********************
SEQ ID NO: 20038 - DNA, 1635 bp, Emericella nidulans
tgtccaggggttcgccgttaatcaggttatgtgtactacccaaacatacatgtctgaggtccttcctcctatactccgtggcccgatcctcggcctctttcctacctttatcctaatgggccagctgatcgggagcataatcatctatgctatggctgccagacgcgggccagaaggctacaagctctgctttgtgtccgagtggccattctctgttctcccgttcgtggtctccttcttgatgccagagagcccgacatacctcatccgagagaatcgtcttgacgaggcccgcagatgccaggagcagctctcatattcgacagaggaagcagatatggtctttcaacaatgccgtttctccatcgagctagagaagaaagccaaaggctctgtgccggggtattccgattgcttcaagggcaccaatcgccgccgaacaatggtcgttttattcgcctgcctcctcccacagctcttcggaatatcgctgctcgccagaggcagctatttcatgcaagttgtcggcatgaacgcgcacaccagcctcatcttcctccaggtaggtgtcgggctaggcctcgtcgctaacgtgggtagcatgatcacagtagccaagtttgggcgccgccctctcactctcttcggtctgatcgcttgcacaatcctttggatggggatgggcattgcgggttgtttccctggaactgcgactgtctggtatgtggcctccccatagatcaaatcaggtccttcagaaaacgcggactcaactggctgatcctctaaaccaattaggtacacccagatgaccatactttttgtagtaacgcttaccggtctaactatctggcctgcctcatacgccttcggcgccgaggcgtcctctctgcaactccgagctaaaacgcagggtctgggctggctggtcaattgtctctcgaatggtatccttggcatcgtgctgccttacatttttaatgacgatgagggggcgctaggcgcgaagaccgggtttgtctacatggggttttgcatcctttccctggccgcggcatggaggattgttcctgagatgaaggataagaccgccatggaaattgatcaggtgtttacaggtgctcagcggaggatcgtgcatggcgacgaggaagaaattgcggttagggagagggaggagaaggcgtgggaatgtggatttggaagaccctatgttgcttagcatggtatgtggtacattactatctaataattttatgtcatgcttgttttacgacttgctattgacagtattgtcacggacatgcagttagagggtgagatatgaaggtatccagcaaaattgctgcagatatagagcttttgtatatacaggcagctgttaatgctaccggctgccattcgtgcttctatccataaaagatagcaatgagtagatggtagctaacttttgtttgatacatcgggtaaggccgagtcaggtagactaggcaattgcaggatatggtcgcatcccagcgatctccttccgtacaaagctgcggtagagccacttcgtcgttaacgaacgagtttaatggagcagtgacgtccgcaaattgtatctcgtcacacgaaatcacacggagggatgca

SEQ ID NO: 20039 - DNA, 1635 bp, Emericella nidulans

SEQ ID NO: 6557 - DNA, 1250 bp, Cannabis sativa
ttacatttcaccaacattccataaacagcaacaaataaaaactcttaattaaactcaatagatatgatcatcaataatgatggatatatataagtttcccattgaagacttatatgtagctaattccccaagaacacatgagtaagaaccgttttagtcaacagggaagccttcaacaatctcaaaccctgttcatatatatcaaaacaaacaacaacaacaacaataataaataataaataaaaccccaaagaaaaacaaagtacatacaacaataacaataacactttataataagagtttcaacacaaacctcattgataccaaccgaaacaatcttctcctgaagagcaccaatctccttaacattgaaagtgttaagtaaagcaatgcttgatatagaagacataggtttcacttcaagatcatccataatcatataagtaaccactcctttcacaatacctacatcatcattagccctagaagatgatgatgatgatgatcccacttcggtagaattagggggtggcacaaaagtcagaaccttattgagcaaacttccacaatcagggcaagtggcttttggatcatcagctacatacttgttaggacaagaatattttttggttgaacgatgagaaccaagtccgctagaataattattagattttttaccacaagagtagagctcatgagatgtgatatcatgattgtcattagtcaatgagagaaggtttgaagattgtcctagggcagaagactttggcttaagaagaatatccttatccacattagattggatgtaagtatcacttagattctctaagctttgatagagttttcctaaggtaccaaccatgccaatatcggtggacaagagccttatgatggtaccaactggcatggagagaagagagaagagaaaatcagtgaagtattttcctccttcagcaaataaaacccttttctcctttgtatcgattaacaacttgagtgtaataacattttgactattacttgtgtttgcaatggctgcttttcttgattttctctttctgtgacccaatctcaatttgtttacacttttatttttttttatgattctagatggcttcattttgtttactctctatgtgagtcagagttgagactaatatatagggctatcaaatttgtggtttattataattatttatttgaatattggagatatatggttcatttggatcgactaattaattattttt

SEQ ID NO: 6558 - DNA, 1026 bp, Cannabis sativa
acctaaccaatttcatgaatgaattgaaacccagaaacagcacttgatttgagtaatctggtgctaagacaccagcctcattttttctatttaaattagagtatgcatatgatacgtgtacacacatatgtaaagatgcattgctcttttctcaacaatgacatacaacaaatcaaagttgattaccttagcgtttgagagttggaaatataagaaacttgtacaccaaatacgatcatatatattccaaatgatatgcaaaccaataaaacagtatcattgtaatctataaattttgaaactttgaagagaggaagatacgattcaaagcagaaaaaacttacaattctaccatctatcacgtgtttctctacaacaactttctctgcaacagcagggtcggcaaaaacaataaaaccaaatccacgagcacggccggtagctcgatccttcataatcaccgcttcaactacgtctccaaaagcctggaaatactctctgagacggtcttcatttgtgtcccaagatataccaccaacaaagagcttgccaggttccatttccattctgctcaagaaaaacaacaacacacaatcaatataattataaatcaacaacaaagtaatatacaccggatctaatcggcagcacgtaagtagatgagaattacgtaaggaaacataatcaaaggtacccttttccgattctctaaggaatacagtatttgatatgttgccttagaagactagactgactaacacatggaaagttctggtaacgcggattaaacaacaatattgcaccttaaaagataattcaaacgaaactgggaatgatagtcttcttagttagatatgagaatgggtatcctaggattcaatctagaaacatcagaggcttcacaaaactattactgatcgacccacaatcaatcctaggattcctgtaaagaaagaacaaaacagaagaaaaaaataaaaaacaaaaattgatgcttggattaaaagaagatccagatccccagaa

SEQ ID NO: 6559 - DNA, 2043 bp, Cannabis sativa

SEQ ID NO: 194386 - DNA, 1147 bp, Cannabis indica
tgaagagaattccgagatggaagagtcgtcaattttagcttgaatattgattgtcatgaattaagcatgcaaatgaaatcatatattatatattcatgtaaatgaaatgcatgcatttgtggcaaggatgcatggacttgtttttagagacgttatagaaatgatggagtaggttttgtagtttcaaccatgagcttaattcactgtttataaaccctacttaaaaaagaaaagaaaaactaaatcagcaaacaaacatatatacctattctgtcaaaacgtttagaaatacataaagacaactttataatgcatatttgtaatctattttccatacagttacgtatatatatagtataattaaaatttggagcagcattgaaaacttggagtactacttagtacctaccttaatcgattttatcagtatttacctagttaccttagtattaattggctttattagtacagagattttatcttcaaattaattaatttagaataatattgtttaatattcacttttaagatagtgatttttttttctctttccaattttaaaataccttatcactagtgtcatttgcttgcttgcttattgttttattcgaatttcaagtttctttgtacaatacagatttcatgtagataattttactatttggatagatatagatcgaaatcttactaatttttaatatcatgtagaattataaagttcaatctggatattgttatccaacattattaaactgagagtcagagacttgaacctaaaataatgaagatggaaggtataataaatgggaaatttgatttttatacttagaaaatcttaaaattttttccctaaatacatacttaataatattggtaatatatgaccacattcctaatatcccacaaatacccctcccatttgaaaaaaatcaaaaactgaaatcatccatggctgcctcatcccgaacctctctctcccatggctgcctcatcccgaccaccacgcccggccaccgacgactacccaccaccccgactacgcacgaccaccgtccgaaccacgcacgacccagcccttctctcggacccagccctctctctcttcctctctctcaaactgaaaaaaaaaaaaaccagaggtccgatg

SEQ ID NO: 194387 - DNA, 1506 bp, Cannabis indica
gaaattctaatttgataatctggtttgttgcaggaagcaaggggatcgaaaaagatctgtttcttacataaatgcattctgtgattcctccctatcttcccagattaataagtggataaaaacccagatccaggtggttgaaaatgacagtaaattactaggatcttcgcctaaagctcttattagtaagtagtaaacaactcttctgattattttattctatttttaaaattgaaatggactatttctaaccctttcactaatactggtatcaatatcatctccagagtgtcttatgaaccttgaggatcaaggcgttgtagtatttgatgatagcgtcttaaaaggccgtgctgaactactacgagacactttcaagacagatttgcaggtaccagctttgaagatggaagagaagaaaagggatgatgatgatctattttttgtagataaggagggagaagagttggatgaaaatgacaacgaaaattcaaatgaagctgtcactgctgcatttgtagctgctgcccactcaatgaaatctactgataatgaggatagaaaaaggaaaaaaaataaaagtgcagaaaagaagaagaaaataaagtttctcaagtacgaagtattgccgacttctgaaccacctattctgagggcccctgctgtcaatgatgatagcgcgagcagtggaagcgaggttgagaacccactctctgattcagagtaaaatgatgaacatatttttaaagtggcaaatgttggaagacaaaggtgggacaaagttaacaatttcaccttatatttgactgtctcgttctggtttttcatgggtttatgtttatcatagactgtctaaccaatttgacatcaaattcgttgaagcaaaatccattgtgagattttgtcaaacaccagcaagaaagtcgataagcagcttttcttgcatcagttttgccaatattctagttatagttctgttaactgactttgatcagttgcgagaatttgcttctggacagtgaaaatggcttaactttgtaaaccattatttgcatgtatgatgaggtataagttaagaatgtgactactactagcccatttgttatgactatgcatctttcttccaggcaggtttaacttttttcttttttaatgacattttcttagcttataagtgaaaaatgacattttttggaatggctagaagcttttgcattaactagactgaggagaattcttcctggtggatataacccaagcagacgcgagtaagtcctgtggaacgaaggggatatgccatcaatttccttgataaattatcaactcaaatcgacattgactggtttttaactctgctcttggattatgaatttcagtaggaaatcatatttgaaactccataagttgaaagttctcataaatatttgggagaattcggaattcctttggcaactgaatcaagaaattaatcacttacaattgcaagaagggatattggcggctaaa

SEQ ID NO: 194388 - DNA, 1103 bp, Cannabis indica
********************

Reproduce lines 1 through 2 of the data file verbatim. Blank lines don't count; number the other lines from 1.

SEQ ID NO: 20038 - DNA, 1635 bp, Emericella nidulans
tgtccaggggttcgccgttaatcaggttatgtgtactacccaaacatacatgtctgaggtccttcctcctatactccgtggcccgatcctcggcctctttcctacctttatcctaatgggccagctgatcgggagcataatcatctatgctatggctgccagacgcgggccagaaggctacaagctctgctttgtgtccgagtggccattctctgttctcccgttcgtggtctccttcttgatgccagagagcccgacatacctcatccgagagaatcgtcttgacgaggcccgcagatgccaggagcagctctcatattcgacagaggaagcagatatggtctttcaacaatgccgtttctccatcgagctagagaagaaagccaaaggctctgtgccggggtattccgattgcttcaagggcaccaatcgccgccgaacaatggtcgttttattcgcctgcctcctcccacagctcttcggaatatcgctgctcgccagaggcagctatttcatgcaagttgtcggcatgaacgcgcacaccagcctcatcttcctccaggtaggtgtcgggctaggcctcgtcgctaacgtgggtagcatgatcacagtagccaagtttgggcgccgccctctcactctcttcggtctgatcgcttgcacaatcctttggatggggatgggcattgcgggttgtttccctggaactgcgactgtctggtatgtggcctccccatagatcaaatcaggtccttcagaaaacgcggactcaactggctgatcctctaaaccaattaggtacacccagatgaccatactttttgtagtaacgcttaccggtctaactatctggcctgcctcatacgccttcggcgccgaggcgtcctctctgcaactccgagctaaaacgcagggtctgggctggctggtcaattgtctctcgaatggtatccttggcatcgtgctgccttacatttttaatgacgatgagggggcgctaggcgcgaagaccgggtttgtctacatggggttttgcatcctttccctggccgcggcatggaggattgttcctgagatgaaggataagaccgccatggaaattgatcaggtgtttacaggtgctcagcggaggatcgtgcatggcgacgaggaagaaattgcggttagggagagggaggagaaggcgtgggaatgtggatttggaagaccctatgttgcttagcatggtatgtggtacattactatctaataattttatgtcatgcttgttttacgacttgctattgacagtattgtcacggacatgcagttagagggtgagatatgaaggtatccagcaaaattgctgcagatatagagcttttgtatatacaggcagctgttaatgctaccggctgccattcgtgcttctatccataaaagatagcaatgagtagatggtagctaacttttgtttgatacatcgggtaaggccgagtcaggtagactaggcaattgcaggatatggtcgcatcccagcgatctccttccgtacaaagctgcggtagagccacttcgtcgttaacgaacgagtttaatggagcagtgacgtccgcaaattgtatctcgtcacacgaaatcacacggagggatgca